It was the Winter of 1962. Christmas. I was 11 years old, and was pleased to be back with my Mum after my first term at boarding school.
Mum had moved to London, as she no longer had to stay with me in the bleak and bucolic seaside town where we’d lived for several years. My new home was a cramped, cold, and musty bedsitter. It was all my Mother could afford. Sometimes she couldn’t even afford that. I didn’t like the place. We had to share a toilet with about 4 others, and there was no bathroom at all. About twice a week Mum would take us to the “Slipper Baths” (Public baths, that don’t, I think, exist anymore). More about that experience in another blog.
So I was thrilled when Mum told me that she had met a lovely man who was the Manager of a Hotel near Newmarket, Suffolk, and that he had invited us both there for Christmas and New Year. A nice place to stay, and a possible Dad, all in one go! Things were looking up.
The first inkling I had that this new adventure might not be so rosy was when I met my new “Uncle”. My Mother and I had left our bedsitter in London with all our belongings. It didn’t take long to pack. My things consisted mainly of my school stuff: uniform, shoes, 2 or 3 books, and a few toys. We took the train to Newmarket and Uncle met us at the station in what seemed to be a rather grand black car and drove us to the hotel. I didn’t like the look of him. My intuition told me that something was not right. I was proved correct, and ever since I’ve never doubted my intuitive powers. He was tall, dressed in a navy blue suit, and smelt of stale alcohol and cigarettes. Of course, he smiled and gave my Mum a hug and a kiss on the lips. But the kiss was too long and the hug too tight for my liking. After all, I was her Man, what right did this stranger have to be so affectionate towards her? I also noticed that the elbows of his jacket were slightly threadbare, and his shoes weren’t polished. Like an animal, I was on my guard.
The Hotel was lovely. Large gardens, warm, the staff friendly, and best of all, I had a whole apartment to myself. Yes! A large room with a huge double bed, a bay window with pink velvet curtains, and an en suite bathroom. I really fell in love with that bathroom. I relished the privacy after boarding school and the lack of facilities at the bedsitter. Even today, half a century on, I prefer to stay in a hotel or guest house with an en suite bathroom, than with the friends I’m visiting (unless I have a bathroom to myself). This is often a source of amusement and it certainly doesn’t make for cheap visits, but I don’t mind: I know what I like and what makes me feel secure.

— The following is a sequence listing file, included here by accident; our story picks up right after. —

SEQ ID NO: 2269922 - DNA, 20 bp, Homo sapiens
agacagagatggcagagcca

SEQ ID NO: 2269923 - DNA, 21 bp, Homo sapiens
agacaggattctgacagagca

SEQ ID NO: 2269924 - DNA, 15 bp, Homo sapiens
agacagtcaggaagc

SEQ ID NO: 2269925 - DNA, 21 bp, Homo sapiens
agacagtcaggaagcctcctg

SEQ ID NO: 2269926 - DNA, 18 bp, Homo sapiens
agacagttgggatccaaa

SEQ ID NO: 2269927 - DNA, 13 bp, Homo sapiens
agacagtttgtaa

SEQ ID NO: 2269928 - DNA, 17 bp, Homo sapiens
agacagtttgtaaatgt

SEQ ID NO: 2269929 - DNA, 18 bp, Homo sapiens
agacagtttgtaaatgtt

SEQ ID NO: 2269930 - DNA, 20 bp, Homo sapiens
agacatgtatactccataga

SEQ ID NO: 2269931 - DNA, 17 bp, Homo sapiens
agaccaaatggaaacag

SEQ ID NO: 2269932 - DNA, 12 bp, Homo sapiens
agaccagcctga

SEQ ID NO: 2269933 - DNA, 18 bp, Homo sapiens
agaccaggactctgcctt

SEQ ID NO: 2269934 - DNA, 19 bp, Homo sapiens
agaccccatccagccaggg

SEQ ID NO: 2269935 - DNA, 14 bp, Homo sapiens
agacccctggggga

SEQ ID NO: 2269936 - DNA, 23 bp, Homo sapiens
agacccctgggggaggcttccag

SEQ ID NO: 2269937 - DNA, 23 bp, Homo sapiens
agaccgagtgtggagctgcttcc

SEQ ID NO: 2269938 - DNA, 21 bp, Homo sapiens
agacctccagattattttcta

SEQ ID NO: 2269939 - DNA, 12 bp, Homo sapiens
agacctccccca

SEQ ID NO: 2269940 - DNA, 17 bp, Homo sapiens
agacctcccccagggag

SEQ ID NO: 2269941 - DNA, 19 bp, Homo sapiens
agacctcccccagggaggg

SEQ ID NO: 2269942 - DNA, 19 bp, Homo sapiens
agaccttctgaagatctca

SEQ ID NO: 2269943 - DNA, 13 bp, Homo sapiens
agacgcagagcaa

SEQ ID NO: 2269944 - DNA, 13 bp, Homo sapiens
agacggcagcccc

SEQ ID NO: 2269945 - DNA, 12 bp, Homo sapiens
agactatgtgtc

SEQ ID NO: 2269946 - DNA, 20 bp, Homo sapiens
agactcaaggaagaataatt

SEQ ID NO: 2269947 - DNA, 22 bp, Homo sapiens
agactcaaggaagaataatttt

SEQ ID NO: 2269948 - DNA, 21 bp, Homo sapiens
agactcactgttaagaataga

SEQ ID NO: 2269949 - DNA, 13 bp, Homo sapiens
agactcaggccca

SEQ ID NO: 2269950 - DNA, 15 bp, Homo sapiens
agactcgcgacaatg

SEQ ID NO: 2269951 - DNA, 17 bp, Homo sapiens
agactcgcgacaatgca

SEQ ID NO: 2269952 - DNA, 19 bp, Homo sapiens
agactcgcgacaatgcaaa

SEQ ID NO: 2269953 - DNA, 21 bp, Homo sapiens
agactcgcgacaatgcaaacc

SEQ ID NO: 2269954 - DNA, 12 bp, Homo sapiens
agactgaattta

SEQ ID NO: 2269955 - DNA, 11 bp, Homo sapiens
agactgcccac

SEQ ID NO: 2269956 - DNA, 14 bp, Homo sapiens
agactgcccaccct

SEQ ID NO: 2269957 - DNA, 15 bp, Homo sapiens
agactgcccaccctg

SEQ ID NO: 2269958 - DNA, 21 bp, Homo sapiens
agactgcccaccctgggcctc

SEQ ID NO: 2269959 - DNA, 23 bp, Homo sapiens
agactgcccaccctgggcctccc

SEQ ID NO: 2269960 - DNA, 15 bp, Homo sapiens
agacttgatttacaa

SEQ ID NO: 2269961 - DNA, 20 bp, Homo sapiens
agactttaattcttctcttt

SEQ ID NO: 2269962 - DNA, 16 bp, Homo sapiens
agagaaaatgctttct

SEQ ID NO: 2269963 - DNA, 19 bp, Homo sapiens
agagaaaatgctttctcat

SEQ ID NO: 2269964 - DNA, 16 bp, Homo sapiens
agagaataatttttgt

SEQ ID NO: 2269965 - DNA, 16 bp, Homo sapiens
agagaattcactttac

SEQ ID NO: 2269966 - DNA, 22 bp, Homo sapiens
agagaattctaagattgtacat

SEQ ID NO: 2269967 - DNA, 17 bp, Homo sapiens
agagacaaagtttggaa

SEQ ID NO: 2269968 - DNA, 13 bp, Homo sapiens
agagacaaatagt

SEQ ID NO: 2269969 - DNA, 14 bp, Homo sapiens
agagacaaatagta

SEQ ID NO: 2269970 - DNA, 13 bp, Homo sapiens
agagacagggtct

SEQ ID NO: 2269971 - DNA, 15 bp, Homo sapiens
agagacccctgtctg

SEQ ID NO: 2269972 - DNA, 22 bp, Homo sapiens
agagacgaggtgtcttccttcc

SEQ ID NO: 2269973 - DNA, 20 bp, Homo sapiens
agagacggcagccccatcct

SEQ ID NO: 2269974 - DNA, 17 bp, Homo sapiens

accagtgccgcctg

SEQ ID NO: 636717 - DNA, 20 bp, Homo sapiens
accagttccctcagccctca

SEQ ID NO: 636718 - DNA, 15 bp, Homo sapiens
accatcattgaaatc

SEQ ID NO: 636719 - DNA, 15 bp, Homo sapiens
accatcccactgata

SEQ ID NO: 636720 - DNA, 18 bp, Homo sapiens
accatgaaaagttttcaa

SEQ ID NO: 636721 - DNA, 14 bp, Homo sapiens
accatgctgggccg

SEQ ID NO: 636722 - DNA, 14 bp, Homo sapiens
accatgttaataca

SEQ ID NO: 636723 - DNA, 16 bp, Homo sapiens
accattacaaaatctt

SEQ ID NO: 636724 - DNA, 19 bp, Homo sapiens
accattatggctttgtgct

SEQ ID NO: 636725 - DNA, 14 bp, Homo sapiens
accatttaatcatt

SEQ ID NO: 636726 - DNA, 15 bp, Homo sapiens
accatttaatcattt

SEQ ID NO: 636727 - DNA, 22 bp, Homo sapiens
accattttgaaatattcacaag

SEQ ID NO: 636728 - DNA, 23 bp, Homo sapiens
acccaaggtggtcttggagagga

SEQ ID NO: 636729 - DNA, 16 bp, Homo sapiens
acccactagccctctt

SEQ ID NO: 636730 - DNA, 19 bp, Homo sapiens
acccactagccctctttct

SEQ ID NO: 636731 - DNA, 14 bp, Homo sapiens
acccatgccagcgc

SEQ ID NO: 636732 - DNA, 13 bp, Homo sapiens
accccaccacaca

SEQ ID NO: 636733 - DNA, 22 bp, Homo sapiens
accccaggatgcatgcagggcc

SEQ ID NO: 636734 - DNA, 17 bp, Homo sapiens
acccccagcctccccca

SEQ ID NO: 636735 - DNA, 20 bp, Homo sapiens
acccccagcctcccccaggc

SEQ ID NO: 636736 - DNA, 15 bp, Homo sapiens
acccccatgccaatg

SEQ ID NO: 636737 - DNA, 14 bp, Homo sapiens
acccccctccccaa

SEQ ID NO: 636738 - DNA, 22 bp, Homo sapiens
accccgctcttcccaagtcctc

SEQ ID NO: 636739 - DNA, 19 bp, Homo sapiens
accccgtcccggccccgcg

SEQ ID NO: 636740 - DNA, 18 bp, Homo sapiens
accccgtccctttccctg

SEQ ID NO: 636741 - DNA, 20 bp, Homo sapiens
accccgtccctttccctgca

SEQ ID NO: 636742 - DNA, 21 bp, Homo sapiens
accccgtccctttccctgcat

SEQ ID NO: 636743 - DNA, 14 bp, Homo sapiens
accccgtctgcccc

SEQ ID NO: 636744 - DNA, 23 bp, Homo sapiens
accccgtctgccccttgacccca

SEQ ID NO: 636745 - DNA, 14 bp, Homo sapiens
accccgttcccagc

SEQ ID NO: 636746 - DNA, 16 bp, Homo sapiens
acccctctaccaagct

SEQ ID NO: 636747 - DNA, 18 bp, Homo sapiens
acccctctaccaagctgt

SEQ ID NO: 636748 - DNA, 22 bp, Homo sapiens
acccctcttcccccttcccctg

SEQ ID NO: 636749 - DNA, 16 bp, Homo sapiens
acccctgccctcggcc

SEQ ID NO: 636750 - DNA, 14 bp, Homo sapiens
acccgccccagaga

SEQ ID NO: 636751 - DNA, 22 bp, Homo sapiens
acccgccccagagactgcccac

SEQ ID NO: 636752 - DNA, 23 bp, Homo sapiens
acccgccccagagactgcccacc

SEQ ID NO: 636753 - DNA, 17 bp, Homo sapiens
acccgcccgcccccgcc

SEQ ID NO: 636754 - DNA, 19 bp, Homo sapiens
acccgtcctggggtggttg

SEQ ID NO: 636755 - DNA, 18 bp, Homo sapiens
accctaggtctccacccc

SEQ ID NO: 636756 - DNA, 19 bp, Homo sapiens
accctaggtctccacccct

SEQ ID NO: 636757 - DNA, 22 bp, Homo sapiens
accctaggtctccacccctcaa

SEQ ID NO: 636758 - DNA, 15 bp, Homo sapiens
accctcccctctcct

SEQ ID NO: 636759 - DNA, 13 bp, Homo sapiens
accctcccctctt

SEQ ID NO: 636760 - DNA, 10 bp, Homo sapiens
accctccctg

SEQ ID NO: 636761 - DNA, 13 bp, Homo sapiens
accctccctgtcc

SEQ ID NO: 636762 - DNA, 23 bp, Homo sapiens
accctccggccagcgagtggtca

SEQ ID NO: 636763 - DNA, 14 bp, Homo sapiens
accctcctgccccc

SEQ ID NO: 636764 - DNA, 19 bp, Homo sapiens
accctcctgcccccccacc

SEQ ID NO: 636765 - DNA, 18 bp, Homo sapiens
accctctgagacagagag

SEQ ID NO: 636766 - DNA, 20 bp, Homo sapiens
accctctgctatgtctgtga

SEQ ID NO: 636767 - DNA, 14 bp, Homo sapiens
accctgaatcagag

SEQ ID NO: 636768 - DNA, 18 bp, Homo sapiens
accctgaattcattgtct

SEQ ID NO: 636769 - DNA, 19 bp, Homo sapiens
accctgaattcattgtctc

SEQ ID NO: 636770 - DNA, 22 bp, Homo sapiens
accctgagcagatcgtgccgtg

I had the run of the place and its amazing gardens. I soon made friends with all the staff, especially the Chef. He let me help in the kitchen with simple tasks, like preparing the curled butter for the guests, and arranging it on small plates. Even jobs like these made me feel valued and worthy. I only saw my Mother at lunch and dinner. I didn’t mind, she seemed happy with my new Uncle and I was relieved that I didn’t have to see too much of him.
It was just before Christmas Day that things began to go wrong. I’d seen another man in the Hotel Bar with my Mum. It was obvious to me that he and Mum got on well. He was a dashing type: handsome, tweed jacket, pipe, and a fabulous British Racing Green sports car. He took me and Mum out in it on trips to a country pub. Very exciting!
I remember passing my “Uncle’s” study door on evening and hearing a furious row between him and my Mum. I went in, to see if she was alright. She was sitting on a chair crying and “Uncle” was swaying and shouting. Then he fell over. As he was trying to stagger to his feet my Mum took me upstairs to bed, and left me there. I was confused and didn’t know what to do. I was also a little frightened. I couldn’t comprehend all the “ins and outs”, but I knew that something was very wrong.
Christmas Day came and went, and it seemed to me that things had settled down between “Uncle” and my Mum. Then on night, my Mother came into my bedroom and told me to dress, and pack all my things as fast as I could as we were leaving. I was too disorientated to ask why. I was surprised to see the man with the sports car outside. He helped me and my Mum into the car with our things, or some of them, as I think we had both missed a few items in the rush and confusion. Then the dapper man drove us to London. It was a long, lonely, cold, dark, journey. So many thoughts were going through my head. Who was this man? Would we be returning to the nice hotel? Where would we live? Was Mum alright, she wasn’t saying much?
London was freezing, and the buildings looked threatening. The streets were deserted. I had no idea what time it was. To tell you the truth, I didn’t really care. The man told us to wait on the pavement while he went to look for accommodation. Mum and I got out. We weren’t properly dressed for the cold. I had no gloves, and the gloves my Mum had were paper thin. The icy wind whipped along the bare streets and cut through us. I hoped the man wouldn’t be too long. We never saw him again.
(To be continued…)